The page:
bakers and confectionerskonditoribakery
In the 14th century, the Venetians introduced marzipan, a confection made from almonds, sugar and rose water, to central Europe. Marzipan was an ideal material for moulding magnificent pictures from, which were artistically painted with plant colouring and often decorated with gold leaf. At the start of the 19th century, chocolate first made its way to Germany, after the ladies of the upper classes in Spain, Italy and France had long been used to a daily cup of hot chocolate. When the Dutchman Coenraad Johannes van Houten managed to press out the cocoa mass, the additional ingredients cocoa butter and cocoa powder were created.

The Queen-Like Closet

Recipe 142 is "To make Chaculato", a hot chocolate drink made with claret, chocolate, egg yolk and sugar. Part 2 is headed "The Second Part of the Queen-Like Closet; Having an Addition of what hath already been treated of, and directing a very true & excellent way for all manner of Cookery, both Fish, Flesh, & Pastry." It contains 288 recipes, and is ascribed to Hannah Wolley, alias Chaloner, and published by "R. L." in 1670. Recipe 3 is the first for a main dish, "To make Coller'd Beef", the flank of beef being marinaded with saltpeter, spices and herbs, and then braised in a pot with claret and butter.

Hungarian cuisine

HungarianHungarycuisine of Hungary
Typical times are as follows: Breakfast 6-9 am; Lunch 12 noon-2 pm; Dinner 6-9 pm For Christmas, Hungarians have a fish soup called halászlé. Other dishes may be served, such as roast goose, roast turkey or roast duck, cabbage rolls (töltött káposzta). Pastry roll filled with walnut or poppy seed called (bejgli) is a usual Christmas food, and candies and sweets used to decorate the Christmas tree, such as szaloncukor are eaten during all Christmas, when everybody picks them and eats them directly from the tree. On New Year's Eve (Szilveszter), Hungarians traditionally celebrate with virsli (Vienna sausage, and lentil soup.

List of Jones Soda flavors

Christmas Cocoa. Candy Cane ('repeat' from 2006). Egg Nog (part of 'Christmas Pack', 'repeat' from 2006). Sugar Plum (part of 'Christmas Pack', 'repeat' from 2006). Christmas Ham (part of 'Christmas Pack'). "Christmas Tree" (part of 'Christmas Pack'). Chocolate Coins (part of 'Chanukah Pack'). Applesauce (part of 'Chanukah Pack'). Jelly Doughnut (part of 'Chanukah Pack'). Latke (part of 'Chanukah Pack'). 2008 Holiday 12 oz. bottle flavors. Spiced Pear. Candy Cane ('repeat' from past two years). Mele Kalikimaka (Hawaiian for "Merry Christmas" ; a tropical flavor). Jingle Lime Soda. Jingle Berry Soda. Jingle Blue Bubble Gum Soda. Jingle Cream Soda. Big Ass Canned Ham Soda. Nyan Cat Soda.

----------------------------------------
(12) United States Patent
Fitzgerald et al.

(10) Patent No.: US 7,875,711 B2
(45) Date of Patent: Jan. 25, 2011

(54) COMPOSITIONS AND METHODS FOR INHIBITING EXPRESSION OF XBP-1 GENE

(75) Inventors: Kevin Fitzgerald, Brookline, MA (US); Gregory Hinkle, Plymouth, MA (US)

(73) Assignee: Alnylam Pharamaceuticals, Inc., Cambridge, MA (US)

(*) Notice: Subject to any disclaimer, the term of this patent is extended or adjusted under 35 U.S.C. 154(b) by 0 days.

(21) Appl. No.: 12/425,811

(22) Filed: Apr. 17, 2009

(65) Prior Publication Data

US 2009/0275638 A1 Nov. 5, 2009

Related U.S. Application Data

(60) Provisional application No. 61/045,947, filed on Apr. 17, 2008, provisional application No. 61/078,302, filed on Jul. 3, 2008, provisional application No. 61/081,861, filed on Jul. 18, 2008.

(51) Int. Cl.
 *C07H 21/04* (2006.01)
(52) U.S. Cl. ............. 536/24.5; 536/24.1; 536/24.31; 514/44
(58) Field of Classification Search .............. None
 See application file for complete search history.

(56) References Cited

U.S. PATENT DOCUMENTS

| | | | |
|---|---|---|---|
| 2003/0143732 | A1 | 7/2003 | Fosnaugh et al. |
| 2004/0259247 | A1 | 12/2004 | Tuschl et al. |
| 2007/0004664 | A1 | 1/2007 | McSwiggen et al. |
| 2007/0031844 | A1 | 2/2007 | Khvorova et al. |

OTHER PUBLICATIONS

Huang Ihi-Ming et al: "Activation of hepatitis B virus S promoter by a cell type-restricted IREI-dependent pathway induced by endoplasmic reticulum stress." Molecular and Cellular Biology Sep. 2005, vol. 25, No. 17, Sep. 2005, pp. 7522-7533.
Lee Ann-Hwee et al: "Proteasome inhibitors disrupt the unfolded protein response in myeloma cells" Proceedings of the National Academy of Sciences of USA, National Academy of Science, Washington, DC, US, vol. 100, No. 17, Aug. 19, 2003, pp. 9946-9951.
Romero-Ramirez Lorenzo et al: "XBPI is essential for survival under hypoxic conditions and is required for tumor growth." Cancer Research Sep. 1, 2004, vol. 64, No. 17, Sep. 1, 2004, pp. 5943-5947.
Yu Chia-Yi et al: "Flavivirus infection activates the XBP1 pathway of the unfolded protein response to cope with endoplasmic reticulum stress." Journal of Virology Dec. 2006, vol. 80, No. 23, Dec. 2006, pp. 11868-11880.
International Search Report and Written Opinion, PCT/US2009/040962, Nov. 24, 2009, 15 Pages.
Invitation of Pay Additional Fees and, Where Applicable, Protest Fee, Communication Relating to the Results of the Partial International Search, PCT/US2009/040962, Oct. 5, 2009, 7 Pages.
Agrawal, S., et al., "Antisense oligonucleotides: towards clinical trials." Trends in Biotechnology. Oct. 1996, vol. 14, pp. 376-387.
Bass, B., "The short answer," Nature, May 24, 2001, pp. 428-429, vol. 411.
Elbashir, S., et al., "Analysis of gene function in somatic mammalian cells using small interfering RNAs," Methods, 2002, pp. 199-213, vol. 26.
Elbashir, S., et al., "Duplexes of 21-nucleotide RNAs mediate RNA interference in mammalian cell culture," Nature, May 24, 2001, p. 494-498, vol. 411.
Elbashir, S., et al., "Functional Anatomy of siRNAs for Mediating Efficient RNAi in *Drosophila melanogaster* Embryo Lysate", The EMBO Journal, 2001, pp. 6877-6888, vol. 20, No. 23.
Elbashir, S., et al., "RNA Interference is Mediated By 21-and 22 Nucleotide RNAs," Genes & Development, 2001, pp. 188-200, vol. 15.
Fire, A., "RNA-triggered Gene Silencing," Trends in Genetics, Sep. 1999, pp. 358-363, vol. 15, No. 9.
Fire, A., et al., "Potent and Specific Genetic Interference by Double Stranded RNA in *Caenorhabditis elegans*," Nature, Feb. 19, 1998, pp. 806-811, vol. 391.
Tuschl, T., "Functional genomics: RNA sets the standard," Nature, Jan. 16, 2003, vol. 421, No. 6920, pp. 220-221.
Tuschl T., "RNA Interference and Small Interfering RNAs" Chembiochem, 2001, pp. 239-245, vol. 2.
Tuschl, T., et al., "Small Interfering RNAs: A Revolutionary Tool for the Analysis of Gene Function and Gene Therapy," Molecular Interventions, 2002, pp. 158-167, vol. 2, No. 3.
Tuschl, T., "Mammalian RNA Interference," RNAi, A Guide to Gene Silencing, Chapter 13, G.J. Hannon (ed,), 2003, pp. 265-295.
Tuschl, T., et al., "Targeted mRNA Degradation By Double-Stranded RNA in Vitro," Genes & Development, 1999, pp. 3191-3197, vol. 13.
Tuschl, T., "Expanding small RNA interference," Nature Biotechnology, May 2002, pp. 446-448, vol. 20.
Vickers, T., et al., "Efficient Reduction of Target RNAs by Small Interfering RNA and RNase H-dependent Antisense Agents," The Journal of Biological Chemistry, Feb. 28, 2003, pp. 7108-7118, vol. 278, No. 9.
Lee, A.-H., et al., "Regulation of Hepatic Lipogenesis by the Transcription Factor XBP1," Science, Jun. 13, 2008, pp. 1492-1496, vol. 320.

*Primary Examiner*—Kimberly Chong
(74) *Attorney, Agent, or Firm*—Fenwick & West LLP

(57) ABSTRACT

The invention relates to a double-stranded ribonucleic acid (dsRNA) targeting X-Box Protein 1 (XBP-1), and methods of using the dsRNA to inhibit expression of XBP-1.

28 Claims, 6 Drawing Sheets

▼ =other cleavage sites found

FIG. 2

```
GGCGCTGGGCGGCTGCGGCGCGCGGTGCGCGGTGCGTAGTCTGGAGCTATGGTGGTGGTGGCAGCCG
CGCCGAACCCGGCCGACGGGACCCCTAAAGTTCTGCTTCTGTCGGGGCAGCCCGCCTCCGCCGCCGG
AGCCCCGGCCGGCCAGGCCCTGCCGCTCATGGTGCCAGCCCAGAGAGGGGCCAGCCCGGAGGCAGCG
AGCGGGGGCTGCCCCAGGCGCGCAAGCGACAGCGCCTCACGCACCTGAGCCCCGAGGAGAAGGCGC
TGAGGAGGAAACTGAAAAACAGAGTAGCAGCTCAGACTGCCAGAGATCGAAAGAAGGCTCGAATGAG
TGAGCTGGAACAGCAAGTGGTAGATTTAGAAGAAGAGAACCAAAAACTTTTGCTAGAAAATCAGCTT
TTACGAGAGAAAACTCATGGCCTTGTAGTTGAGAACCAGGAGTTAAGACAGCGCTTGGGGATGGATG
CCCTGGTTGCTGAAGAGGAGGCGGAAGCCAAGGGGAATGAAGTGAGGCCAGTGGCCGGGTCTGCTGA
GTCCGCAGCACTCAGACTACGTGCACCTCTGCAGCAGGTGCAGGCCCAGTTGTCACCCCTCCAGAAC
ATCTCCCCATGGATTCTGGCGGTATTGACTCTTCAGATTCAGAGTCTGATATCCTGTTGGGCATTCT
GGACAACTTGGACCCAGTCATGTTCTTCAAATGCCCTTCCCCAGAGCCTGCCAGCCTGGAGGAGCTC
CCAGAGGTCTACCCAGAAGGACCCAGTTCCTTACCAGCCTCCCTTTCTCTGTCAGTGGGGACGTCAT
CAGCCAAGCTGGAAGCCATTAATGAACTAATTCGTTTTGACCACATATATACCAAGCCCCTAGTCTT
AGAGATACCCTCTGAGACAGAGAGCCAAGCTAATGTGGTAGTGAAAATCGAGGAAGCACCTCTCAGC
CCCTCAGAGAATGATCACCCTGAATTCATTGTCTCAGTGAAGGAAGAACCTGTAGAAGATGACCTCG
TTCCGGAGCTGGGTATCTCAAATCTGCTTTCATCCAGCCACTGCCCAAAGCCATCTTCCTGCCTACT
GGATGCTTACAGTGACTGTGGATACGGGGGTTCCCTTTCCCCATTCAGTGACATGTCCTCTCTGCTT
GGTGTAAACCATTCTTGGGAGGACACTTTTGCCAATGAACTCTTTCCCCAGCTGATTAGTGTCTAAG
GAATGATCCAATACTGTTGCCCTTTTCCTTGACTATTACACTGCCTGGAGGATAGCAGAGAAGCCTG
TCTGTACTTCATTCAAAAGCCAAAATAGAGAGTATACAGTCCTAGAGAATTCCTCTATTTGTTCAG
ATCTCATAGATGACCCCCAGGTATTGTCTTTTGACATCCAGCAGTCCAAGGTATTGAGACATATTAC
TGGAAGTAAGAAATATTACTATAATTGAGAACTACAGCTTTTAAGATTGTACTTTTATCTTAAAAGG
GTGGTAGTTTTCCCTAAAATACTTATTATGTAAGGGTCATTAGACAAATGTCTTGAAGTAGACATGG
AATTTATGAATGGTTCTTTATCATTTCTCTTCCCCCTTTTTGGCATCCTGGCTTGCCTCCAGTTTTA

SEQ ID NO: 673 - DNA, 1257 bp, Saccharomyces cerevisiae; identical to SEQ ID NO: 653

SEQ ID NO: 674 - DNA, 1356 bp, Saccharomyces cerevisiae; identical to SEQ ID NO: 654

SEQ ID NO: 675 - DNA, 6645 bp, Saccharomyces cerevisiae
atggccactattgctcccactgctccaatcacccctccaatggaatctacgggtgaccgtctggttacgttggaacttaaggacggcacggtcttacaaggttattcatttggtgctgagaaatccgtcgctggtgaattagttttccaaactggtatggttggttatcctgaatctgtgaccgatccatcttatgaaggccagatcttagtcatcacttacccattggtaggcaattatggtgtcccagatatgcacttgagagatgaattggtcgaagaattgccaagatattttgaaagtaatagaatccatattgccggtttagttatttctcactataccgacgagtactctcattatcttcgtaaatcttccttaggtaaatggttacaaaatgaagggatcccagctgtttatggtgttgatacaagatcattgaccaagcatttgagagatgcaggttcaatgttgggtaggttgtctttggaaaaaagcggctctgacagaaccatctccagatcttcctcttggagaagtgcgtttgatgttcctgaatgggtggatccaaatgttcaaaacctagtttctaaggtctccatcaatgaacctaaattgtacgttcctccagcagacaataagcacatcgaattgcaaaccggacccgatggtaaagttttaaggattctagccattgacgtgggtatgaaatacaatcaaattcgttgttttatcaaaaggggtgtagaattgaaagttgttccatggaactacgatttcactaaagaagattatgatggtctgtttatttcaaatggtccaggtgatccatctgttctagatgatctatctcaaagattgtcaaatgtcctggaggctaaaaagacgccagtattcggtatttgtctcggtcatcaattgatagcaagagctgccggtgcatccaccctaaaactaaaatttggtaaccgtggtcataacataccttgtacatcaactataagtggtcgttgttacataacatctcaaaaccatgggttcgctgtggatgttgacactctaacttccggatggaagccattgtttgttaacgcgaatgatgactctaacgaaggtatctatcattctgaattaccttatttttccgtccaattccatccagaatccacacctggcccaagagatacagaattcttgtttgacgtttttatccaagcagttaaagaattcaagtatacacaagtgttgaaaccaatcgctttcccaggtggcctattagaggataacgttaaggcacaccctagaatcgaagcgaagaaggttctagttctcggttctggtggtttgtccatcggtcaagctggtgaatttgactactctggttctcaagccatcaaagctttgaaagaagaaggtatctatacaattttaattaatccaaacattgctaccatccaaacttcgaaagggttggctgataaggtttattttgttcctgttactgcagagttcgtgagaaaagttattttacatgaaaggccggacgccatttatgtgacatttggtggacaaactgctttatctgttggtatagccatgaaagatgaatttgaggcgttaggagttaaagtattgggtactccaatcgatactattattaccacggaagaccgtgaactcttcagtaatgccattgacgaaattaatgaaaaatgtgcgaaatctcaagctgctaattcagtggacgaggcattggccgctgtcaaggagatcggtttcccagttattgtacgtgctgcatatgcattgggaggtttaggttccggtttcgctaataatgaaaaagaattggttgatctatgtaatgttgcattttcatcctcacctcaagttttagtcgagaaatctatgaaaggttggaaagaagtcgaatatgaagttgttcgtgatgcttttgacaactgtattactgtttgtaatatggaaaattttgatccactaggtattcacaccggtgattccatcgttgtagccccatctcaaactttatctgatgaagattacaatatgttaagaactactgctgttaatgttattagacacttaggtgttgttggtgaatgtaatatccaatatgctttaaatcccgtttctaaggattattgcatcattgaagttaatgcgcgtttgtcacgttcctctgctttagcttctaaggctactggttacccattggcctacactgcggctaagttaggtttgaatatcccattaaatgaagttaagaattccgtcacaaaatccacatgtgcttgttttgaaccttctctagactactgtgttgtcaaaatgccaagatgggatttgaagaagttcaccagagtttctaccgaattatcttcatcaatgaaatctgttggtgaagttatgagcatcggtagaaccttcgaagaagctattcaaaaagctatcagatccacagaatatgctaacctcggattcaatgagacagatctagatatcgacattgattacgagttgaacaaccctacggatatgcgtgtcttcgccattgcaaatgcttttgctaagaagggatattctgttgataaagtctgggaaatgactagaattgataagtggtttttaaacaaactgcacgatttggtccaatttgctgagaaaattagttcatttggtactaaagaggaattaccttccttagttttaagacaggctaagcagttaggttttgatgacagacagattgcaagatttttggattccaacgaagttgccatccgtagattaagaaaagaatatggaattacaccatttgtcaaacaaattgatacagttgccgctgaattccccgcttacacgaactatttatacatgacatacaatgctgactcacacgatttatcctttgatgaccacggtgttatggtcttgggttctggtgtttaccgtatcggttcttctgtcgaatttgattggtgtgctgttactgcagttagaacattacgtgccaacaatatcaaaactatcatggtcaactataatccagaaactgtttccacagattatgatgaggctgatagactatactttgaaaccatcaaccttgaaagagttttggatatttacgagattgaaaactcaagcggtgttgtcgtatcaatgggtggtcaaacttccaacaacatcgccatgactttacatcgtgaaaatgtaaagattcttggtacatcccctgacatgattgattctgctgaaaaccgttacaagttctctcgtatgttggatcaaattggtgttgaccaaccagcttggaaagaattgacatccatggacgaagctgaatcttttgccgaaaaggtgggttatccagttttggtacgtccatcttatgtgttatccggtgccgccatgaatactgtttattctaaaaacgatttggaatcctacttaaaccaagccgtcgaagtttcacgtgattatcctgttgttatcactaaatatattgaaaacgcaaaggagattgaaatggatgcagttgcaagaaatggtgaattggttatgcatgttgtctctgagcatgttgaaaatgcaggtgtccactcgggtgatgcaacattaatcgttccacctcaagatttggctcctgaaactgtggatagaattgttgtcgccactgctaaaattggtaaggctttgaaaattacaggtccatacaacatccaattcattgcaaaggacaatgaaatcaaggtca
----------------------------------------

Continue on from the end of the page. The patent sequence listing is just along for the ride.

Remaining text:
His Dark Materials

alethiometerHis Dark Materials'' (trilogy)His Dark Materials'' terminology
Sometimes hot chocolate; other times "a bar of chocolatl" (a chocolate bar). From chocolatl, the Nahuatl word for chocolate. Chthonic Railway Station: An underground railway station. "Chthonic" is from Greek χθόνιος (chthonios), meaning pertaining to the earth; earthy. Cloud-pine: A type of wood used by witches for flying (akin to broomsticks in other literature). Coal-silk: A synthetic fibre made from coal, was invented as a substitute for natural silk, akin to Nylon. Coal spirit: Petroleum or other hydrocarbon fuels derived from it. Dæmon: The animal embodiment of a human's inner-life. It is pronounced 'demon'. Dust: Mysterious cosmic particles that are integral to the plot.

Nicaraguan cuisine

NicaraguanNicaraguaNicaraguan dish
Many fruits are made into drinks, such as melon, papaya, guayaba, guanábana, coconut, pineapple, and pitahaya. Pinolillo is very popular among Nicaraguans, as many times they refer to themselves as pinoleros, which means "pinolillo drinkers". Many drinks are also made from grains and seeds, mixed with milk, water, sugar and ice. Other drinks include: * Latin American cuisine * http://waterunit2013.weebly.com/nicaragua.html Achiote con limon. Achiote con toronja. Agua de arroz. Arroz con Pino. Arroz con piña. Atol. Avena (drink). Avena con leche. Avena con limon. Cacao. Caimito. Cebada. Cebada con limon. Cebada con Milca. Coyolito. Chia. Chicha. Chicha bruja. Chicha de caña.


Water glasses, juice glasses and hot chocolate mugs are also differentiated. Their appearance as part of the tableware depends on the meal and the style of table arrangement. Tea and coffee tend to involve strong social rituals and so teacups and, coffee cups (including demitasse cups) have a shape that depends on the culture and the social situation in which the drink is taken. Cutlery is an important part of tableware. A basic formal place setting will usually have a dinner plate at the centre, resting on a charger. The rest of the place setting depends upon the first course, which may be soup, salad or fish.

Dutch cuisine

DutchNetherlandsDutch food